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Making schools safe and equitable still a challenge conference finds


By Fred Michah Rynor

September 29, 2012

Canada may have some of the world's most socially progressive school systems but problems of racism, ableism, sexism, homophobia and classroom aggression continue to plague the classroom. This reality was one of the recurring themes during OISE's annual Educating for Peace & Justice: Action for Safe & Equitable Classrooms, Schools & Communities Conference on September 29. 
Each student amongst the 450 who registered were asked to choose three interactive workshops out of dozens offered which were presented by some of Toronto's most cutting-edge educational experts. Topics included gender-based violence, Aboriginal issues of race, conflict resolution in schools, classroom bullying and aggression, peer mediation practices, religious diversity and class bias, institutional homophobia and harassment and school discipline along with a keynote speech by social activist Judy Rebick.

David Ast, an instructor in the Initial Teacher Education Program and the Intermediate/Senior Politics Curriculum and Instruction Course, says there are many benefits for teacher trainees who take part in these timely seminars.

"OISE students get exposed to a variety of social justice and equity related issues that deepen their thinking about the connections around theory and practice and how they can take these ideas and transfer them to future classrooms. As well, it lets all educators reflect on their own biases and internalized prejudices and think about the impact of these for their practice."

Ast believes both subtle and overt discrimination play out on a daily basis in Ontario schools despite the fact there is Ministry and Board policy around equity and inclusive education.

"Because of these continuing problems in our schools it's necessary to reach out to teacher candidates so they can begin the process of challenging the systems that marginalize certain students based on their social identities," says Ast. "Once they're aware of how oppression works and manifests itself they can make a positive difference by effecting change in the classroom. It's our moral imperative as educators to do this work because we need to keep challenging systems that are often resistant to change."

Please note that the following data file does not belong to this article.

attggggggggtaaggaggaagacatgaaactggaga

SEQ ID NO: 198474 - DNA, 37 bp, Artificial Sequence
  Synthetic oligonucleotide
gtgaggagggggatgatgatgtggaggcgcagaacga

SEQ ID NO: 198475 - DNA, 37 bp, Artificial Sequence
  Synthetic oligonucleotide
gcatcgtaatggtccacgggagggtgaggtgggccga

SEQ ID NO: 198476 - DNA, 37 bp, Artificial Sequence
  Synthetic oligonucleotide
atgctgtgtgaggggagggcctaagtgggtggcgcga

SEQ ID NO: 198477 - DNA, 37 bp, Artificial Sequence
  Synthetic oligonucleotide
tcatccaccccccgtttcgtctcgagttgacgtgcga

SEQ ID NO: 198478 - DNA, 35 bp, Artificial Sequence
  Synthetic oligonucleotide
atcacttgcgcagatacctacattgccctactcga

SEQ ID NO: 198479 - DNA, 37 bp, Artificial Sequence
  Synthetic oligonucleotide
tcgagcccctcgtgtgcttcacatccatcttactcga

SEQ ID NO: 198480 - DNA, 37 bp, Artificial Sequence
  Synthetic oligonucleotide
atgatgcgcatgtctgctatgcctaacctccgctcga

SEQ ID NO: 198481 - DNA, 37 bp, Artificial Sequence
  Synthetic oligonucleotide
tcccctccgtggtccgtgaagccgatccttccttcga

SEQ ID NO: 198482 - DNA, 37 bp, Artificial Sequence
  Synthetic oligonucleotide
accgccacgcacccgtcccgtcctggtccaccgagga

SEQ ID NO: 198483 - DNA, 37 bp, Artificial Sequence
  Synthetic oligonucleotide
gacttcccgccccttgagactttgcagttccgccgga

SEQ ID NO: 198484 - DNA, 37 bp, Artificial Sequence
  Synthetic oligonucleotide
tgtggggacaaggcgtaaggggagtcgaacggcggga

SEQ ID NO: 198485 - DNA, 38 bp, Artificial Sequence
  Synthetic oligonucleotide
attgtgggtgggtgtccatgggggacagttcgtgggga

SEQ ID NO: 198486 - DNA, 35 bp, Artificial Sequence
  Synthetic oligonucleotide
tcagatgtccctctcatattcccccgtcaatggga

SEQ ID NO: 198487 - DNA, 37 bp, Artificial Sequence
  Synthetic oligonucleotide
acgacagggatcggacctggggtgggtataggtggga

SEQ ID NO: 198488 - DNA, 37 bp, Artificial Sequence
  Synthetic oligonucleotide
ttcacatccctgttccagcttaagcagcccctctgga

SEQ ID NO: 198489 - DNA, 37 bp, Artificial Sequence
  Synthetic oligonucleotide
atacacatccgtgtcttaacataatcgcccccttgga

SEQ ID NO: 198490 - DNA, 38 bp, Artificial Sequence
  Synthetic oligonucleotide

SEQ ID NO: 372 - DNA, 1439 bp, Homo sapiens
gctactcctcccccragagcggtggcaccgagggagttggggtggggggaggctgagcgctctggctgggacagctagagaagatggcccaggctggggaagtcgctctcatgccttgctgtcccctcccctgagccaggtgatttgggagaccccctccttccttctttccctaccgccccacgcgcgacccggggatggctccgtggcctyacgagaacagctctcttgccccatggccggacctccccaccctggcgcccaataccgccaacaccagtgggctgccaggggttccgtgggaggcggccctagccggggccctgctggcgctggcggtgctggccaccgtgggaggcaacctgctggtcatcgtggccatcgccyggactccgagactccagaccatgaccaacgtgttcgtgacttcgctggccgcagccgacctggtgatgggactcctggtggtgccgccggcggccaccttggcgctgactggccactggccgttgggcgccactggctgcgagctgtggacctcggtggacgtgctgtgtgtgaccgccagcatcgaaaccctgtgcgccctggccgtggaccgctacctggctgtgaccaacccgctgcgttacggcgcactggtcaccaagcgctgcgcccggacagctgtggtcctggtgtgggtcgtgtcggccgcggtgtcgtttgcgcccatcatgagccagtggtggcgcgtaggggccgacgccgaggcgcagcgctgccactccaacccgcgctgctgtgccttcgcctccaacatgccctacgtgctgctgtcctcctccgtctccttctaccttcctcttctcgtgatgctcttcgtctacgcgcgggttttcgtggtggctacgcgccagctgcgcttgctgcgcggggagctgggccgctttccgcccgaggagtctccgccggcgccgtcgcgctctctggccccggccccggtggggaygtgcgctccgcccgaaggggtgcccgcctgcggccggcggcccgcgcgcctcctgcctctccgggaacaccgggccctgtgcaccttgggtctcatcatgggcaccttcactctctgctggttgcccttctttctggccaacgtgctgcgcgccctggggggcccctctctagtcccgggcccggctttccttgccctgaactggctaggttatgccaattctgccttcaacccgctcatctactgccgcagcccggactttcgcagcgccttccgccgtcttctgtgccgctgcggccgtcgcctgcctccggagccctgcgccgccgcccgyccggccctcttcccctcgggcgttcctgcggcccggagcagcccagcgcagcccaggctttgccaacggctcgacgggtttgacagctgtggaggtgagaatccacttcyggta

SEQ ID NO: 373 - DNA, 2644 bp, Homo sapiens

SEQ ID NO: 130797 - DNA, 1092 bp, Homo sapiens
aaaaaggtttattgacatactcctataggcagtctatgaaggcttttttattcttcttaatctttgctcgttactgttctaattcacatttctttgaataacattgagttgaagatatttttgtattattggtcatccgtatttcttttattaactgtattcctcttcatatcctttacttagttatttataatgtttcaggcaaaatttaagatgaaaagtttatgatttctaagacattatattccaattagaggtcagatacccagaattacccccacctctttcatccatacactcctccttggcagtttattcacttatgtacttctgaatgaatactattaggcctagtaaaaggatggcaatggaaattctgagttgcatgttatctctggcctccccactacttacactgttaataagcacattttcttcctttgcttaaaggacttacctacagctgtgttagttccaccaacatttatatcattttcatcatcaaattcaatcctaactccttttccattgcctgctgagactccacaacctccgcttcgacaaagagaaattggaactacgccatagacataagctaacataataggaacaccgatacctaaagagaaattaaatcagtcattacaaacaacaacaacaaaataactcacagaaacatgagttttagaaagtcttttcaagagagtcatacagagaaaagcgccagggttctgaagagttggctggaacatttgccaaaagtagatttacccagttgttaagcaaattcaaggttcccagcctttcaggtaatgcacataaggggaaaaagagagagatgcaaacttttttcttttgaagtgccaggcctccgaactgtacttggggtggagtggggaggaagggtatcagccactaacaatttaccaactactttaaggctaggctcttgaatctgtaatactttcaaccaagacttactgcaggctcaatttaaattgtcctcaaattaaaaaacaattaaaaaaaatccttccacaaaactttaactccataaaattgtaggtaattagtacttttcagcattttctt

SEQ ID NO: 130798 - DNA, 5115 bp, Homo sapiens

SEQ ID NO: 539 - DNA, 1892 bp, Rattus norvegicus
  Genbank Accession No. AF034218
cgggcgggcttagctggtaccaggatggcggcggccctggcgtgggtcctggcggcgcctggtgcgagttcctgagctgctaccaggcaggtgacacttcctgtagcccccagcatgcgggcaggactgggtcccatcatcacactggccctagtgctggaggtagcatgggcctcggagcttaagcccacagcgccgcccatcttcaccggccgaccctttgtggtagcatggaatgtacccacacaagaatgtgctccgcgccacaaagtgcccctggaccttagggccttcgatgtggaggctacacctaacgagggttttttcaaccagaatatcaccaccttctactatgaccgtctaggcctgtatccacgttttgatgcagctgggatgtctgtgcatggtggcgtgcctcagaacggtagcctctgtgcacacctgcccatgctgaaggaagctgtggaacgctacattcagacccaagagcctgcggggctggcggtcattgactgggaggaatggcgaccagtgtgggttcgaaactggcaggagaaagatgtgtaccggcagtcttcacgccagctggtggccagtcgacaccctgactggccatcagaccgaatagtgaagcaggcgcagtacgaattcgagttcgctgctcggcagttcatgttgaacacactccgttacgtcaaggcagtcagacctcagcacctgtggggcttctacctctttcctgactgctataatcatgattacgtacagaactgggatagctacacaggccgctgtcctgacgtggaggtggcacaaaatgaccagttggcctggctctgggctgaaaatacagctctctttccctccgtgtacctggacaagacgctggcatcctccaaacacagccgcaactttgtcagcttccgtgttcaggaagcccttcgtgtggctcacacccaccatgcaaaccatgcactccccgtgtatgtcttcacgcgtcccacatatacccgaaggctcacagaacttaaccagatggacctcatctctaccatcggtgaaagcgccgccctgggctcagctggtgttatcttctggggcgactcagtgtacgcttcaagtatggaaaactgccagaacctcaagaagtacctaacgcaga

Ast maintains that glaring examples of injustice and inequities still exist even in multicultural cities such as Toronto, "and therefore we require a continual influx of new teachers to break this cycle of oppression."

The fact that the conference happens is a tribute to OISE's teacher education programs says Jeff Kugler, Executive Director of the Centre for Urban Schooling at OISE.

"This clearly demonstrates to people moving into a teaching career that there are many issues that haven't been dealt with in our schools and they become more aware of this when they attend these seminars. We're not anywhere near where we should be when it comes to progress regarding social injustice in classrooms."

Kugler, who has taught at OISE for seven years after spending 25 years in Toronto schools, says the reason this conference is so popular is because teacher candidates are aware of bullying, racism, sexism and other social problems but don't have the skills needed to deal with them.

"It isn't always a focus of the school boards to acknowledge the identities of children currently enrolled in today's classrooms. I truly believe that serious achievement gaps exist within our schools and current statistics reflect this fact."

Both Ast and Kugler say the conference allows for a tremendous amount of networking to take place which gives future teachers a feeling of empowerment and hope.

"Even in the Toronto District School Board there is resistance to change and these workshops create an environment where people can find allies so that they don't feel alone when confronting these struggles," says Kugler.